The Ministry of Health and Social Services (MoHSS) is compiling a report on lead exposure in the southern town of Rosh Pinah.

The ministry's public relations officer, Walter Kamanya, confirmed this to nbc News today.

Exposure to lead or lead poisoning can lead to brain damage, paralysis, and kidney failure. It may also affect the reproductive system while hindering growth and intelligence, especially among children.

According to the Africa Briefing website, 30 children in Rosh Pinah were found to carry lead in their bloodstream.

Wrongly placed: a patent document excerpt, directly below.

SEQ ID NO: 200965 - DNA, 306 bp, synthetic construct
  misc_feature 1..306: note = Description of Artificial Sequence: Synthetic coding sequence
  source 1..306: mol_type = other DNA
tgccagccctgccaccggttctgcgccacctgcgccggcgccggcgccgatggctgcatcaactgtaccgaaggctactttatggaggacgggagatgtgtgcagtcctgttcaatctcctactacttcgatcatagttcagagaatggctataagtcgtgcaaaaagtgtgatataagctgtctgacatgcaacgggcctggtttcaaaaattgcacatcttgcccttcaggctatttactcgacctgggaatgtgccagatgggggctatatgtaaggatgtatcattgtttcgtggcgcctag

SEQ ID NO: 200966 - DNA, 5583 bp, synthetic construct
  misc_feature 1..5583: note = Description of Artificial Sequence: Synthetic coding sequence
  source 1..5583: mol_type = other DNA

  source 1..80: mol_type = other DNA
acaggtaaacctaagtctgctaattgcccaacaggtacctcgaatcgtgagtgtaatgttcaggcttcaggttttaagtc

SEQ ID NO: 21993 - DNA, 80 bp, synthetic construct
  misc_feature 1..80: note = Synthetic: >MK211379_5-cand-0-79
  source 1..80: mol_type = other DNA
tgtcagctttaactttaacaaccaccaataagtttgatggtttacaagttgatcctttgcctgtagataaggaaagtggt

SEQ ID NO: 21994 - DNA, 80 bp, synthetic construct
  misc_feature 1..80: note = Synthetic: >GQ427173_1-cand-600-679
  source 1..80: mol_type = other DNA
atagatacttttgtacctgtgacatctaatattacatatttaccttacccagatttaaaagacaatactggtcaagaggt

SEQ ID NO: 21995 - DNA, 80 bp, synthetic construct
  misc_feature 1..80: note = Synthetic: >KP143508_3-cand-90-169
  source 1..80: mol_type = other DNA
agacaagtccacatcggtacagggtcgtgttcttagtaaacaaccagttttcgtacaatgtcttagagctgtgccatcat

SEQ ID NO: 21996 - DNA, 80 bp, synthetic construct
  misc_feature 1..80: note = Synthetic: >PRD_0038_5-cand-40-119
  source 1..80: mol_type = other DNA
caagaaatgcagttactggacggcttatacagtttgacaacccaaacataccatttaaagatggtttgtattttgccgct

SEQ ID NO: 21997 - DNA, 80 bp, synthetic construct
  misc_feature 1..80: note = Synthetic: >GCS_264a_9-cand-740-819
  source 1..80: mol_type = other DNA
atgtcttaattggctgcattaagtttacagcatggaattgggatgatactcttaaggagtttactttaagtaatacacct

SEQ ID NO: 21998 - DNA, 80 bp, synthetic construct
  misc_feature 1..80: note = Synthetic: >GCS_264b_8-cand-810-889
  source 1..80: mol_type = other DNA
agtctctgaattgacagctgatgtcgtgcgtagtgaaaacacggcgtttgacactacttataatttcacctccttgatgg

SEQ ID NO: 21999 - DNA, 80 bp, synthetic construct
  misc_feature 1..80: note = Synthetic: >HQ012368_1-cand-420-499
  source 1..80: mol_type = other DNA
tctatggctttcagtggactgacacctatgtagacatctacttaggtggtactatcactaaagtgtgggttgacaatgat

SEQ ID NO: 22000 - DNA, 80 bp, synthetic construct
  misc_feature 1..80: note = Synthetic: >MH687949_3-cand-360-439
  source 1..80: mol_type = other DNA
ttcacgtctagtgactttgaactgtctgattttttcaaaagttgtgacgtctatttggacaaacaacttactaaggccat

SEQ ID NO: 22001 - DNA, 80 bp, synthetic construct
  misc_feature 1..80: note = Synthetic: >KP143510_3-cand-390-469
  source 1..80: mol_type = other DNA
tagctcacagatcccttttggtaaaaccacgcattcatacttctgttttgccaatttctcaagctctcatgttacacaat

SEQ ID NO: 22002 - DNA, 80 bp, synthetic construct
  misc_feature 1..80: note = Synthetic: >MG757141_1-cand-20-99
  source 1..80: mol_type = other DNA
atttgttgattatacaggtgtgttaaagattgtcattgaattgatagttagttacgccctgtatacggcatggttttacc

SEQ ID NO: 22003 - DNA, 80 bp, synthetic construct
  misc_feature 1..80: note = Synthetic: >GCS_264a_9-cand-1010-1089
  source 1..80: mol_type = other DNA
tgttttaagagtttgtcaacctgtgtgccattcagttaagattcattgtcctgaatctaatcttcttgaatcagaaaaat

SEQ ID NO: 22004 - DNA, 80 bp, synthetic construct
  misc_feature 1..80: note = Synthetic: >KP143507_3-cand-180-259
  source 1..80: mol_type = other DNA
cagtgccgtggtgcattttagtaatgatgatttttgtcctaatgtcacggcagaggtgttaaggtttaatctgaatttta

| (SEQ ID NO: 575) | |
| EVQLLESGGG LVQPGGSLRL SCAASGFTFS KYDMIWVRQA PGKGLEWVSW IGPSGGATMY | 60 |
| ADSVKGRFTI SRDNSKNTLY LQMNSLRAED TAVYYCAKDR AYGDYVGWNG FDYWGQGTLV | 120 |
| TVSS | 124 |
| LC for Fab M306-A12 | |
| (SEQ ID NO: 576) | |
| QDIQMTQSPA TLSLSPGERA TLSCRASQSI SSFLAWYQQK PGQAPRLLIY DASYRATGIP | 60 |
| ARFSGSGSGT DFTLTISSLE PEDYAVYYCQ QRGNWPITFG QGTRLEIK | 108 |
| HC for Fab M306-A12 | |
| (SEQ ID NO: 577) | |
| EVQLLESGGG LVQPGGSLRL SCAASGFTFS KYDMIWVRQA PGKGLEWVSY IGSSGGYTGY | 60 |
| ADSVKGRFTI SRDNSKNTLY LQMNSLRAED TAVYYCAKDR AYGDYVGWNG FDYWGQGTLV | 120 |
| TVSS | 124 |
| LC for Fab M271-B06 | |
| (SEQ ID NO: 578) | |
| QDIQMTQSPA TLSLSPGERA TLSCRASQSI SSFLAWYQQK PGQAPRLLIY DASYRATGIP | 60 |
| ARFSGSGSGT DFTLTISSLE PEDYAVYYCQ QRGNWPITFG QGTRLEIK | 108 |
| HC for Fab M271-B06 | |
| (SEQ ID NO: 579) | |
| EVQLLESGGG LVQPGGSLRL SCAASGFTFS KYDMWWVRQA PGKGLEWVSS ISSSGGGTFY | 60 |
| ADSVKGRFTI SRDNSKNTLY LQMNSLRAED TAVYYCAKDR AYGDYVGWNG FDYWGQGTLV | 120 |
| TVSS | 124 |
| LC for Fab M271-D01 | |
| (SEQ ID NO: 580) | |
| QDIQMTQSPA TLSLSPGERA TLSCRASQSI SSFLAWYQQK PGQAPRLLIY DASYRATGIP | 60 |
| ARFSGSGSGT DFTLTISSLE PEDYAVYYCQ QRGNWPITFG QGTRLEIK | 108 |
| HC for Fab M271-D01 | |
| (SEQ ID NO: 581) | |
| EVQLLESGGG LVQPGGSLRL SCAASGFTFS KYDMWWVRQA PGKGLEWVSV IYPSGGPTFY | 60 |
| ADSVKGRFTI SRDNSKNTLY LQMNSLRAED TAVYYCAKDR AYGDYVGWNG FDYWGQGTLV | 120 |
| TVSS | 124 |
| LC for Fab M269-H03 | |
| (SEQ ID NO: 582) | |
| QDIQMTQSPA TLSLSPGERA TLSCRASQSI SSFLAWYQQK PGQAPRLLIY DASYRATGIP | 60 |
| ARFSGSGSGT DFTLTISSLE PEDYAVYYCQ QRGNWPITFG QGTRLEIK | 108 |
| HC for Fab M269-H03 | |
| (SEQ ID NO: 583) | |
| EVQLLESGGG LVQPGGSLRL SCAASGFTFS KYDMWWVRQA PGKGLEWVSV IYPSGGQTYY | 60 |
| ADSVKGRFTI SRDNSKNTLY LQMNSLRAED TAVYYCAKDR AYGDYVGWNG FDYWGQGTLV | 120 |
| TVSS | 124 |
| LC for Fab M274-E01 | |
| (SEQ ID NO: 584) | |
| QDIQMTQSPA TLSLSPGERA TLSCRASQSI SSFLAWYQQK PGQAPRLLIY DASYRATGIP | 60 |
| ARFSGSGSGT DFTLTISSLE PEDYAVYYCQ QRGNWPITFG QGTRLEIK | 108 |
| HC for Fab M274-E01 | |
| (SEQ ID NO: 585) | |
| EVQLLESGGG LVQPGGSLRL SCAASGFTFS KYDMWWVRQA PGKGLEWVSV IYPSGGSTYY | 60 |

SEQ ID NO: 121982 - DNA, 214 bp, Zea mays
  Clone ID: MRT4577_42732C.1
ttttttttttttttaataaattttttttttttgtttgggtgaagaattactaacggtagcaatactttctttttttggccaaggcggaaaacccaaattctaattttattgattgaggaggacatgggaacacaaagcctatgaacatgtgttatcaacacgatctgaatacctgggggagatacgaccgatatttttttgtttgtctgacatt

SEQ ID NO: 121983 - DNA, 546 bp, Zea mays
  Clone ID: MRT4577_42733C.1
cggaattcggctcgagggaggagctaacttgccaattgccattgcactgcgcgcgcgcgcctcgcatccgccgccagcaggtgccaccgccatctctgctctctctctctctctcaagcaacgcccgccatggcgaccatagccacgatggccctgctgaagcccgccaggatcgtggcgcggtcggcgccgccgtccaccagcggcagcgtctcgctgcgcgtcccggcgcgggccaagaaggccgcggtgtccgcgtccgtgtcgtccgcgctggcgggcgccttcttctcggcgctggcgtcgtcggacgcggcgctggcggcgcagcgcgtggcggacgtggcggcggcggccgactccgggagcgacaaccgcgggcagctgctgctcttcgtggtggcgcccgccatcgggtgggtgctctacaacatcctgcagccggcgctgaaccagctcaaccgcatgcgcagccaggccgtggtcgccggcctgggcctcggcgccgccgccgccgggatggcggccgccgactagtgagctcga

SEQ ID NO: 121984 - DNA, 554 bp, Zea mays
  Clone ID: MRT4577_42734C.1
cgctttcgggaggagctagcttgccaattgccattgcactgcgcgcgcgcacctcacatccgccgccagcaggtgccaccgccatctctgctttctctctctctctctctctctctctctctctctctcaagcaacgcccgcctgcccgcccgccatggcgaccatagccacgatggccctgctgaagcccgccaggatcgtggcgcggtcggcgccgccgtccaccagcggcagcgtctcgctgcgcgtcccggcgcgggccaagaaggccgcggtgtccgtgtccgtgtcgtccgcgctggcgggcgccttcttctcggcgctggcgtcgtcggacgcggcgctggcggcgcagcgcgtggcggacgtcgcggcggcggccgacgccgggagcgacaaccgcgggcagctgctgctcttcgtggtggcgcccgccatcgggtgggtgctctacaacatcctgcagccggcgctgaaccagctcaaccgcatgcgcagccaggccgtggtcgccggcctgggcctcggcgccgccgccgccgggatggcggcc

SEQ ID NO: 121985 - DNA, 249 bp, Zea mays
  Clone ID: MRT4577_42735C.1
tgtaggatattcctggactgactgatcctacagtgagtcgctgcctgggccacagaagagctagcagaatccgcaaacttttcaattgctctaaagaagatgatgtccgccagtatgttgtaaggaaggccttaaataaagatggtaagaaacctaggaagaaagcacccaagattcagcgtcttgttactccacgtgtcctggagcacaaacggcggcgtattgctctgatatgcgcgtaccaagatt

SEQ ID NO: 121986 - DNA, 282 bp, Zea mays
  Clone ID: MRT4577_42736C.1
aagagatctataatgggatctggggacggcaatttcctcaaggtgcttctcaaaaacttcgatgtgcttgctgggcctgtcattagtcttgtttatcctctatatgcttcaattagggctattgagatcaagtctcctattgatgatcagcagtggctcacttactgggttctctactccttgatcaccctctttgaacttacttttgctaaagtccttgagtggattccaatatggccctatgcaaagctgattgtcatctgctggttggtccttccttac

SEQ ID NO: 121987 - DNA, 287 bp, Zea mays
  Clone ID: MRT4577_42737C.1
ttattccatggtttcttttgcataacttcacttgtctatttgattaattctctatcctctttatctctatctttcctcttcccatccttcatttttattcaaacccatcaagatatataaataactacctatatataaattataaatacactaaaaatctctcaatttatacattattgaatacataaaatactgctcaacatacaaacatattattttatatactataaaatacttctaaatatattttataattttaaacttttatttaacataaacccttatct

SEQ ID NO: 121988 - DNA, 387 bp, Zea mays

Their exposure is related to nearby Trevail Mining Corp., previously known as Rosh Pinah Zinc Mine.

The Canadian company mines lead and zinc.

Of the 30 children identified, a one-year-old baby showed a blood lead concentration of as high as 25 micrograms per deciliter, whereas the World Health Organisation prescribed safe levels of not exceeding five micrograms per deciliter.

Kamanya noted that the ministry on its own has taken blood samples from the affected children, which were sent for lab testing.

It is hoped that those results will allow the Health Ministry to complete its report on lead exposure, which is being done in line with WHO regulations.

He noted that mines often fail to update the ministry on chemical contamination resulting from their activities.

He advised that mines should report instances where people's health is jeopardised for remedial action to be taken on time.

Photo Credits
The Namibian


July Nafuka